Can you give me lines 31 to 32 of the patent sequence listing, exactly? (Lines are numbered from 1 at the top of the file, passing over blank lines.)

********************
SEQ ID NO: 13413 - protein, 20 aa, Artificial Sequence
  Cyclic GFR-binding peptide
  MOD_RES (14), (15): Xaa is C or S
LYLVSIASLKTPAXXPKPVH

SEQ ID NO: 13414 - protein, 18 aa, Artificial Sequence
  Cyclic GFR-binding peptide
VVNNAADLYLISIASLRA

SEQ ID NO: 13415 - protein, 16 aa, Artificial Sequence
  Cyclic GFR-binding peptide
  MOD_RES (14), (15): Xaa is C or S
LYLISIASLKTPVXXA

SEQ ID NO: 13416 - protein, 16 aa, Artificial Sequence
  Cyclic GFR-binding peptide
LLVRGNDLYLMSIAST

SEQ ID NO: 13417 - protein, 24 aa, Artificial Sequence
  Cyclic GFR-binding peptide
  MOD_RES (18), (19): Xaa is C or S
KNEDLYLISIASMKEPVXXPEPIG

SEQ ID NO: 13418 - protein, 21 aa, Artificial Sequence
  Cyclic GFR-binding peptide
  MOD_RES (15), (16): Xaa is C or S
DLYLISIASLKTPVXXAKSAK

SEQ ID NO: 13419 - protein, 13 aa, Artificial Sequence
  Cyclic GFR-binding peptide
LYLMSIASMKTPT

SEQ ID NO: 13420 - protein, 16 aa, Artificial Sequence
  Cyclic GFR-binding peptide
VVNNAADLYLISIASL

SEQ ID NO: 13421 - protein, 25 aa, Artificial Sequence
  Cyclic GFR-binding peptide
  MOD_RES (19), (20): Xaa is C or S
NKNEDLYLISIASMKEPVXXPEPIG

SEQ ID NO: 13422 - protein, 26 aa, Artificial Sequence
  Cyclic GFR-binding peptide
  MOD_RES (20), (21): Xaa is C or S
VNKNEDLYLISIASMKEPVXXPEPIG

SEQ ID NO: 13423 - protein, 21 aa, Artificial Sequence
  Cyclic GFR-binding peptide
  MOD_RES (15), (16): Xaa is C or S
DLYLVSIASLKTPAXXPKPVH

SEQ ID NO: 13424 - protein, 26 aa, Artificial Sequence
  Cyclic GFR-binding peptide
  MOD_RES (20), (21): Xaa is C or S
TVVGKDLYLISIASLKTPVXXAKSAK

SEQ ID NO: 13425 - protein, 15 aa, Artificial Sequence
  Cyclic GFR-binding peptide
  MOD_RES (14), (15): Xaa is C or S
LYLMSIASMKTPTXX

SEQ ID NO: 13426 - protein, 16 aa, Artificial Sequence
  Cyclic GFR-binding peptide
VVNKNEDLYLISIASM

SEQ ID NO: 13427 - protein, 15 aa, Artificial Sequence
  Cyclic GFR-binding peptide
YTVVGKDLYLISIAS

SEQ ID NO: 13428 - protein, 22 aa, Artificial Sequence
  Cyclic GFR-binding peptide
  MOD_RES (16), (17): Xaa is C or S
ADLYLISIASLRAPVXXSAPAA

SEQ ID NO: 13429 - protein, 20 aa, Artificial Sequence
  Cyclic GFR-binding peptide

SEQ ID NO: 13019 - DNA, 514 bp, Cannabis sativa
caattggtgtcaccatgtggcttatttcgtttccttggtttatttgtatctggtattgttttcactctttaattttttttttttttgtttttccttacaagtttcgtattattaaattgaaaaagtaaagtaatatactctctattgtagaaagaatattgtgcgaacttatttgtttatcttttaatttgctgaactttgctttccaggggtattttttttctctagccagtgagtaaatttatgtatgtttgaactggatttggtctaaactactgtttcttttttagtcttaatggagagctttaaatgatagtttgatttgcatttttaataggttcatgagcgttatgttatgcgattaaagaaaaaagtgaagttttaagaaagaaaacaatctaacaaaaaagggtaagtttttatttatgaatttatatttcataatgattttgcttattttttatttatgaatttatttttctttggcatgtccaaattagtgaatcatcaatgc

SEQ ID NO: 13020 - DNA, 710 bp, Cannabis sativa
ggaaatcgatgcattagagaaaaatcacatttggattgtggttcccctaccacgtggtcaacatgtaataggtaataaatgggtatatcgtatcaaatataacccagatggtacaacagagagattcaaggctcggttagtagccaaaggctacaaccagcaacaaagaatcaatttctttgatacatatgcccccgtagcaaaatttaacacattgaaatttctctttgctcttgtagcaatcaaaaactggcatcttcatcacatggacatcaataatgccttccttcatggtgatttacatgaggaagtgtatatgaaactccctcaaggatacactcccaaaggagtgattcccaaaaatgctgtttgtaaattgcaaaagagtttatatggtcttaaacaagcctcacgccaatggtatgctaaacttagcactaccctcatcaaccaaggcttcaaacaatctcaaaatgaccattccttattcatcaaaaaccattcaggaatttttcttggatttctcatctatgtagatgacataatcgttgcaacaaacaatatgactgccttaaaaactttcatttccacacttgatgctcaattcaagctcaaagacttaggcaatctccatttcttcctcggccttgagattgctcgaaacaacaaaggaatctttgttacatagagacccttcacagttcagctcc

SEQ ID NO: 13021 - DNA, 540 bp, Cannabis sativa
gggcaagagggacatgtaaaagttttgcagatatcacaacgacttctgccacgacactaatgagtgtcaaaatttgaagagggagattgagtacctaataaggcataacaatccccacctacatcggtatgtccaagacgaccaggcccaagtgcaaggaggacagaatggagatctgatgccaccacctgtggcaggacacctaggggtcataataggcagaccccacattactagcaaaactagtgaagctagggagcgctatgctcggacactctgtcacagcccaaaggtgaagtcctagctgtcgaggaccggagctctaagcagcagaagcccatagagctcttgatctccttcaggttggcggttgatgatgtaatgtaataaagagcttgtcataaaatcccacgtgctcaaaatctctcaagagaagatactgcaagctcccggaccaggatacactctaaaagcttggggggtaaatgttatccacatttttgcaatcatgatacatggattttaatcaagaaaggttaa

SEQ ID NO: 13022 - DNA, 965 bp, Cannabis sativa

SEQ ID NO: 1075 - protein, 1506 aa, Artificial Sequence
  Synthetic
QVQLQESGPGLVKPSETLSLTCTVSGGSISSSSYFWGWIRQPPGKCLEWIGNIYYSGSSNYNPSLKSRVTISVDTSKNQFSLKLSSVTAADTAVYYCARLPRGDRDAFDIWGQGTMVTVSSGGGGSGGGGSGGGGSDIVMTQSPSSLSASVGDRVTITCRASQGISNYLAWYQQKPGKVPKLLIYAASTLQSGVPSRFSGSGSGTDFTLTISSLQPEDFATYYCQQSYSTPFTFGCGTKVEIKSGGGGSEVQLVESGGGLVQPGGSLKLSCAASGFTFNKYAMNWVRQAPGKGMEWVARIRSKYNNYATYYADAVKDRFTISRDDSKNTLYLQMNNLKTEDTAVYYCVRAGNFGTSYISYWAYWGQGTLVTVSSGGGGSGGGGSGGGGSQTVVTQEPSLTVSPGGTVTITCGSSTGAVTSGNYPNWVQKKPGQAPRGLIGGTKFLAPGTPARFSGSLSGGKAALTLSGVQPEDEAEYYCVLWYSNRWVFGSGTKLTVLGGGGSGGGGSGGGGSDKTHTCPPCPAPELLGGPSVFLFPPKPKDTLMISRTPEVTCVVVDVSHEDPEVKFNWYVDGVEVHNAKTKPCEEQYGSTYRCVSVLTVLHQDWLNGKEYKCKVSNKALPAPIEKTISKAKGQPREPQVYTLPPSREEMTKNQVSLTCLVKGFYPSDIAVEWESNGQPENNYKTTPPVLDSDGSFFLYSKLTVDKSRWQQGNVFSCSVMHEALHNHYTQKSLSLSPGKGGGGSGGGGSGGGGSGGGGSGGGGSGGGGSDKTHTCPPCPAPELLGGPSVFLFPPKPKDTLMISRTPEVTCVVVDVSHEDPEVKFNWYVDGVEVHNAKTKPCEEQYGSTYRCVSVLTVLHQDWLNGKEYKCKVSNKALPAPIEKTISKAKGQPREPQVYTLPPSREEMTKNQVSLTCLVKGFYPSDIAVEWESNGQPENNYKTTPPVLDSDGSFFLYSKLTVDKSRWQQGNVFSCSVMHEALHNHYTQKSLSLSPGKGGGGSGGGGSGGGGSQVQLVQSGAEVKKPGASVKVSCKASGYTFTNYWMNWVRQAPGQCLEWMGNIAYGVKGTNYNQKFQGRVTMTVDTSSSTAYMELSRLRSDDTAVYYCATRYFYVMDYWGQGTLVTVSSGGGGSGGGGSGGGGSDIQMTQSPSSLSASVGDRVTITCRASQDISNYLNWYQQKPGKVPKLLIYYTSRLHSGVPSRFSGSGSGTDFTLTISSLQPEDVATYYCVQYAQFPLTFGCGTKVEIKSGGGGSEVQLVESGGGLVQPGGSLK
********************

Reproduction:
  MOD_RES (19), (20): Xaa is C or S
NKNEDLYLISIASMKEPVXXPEPIG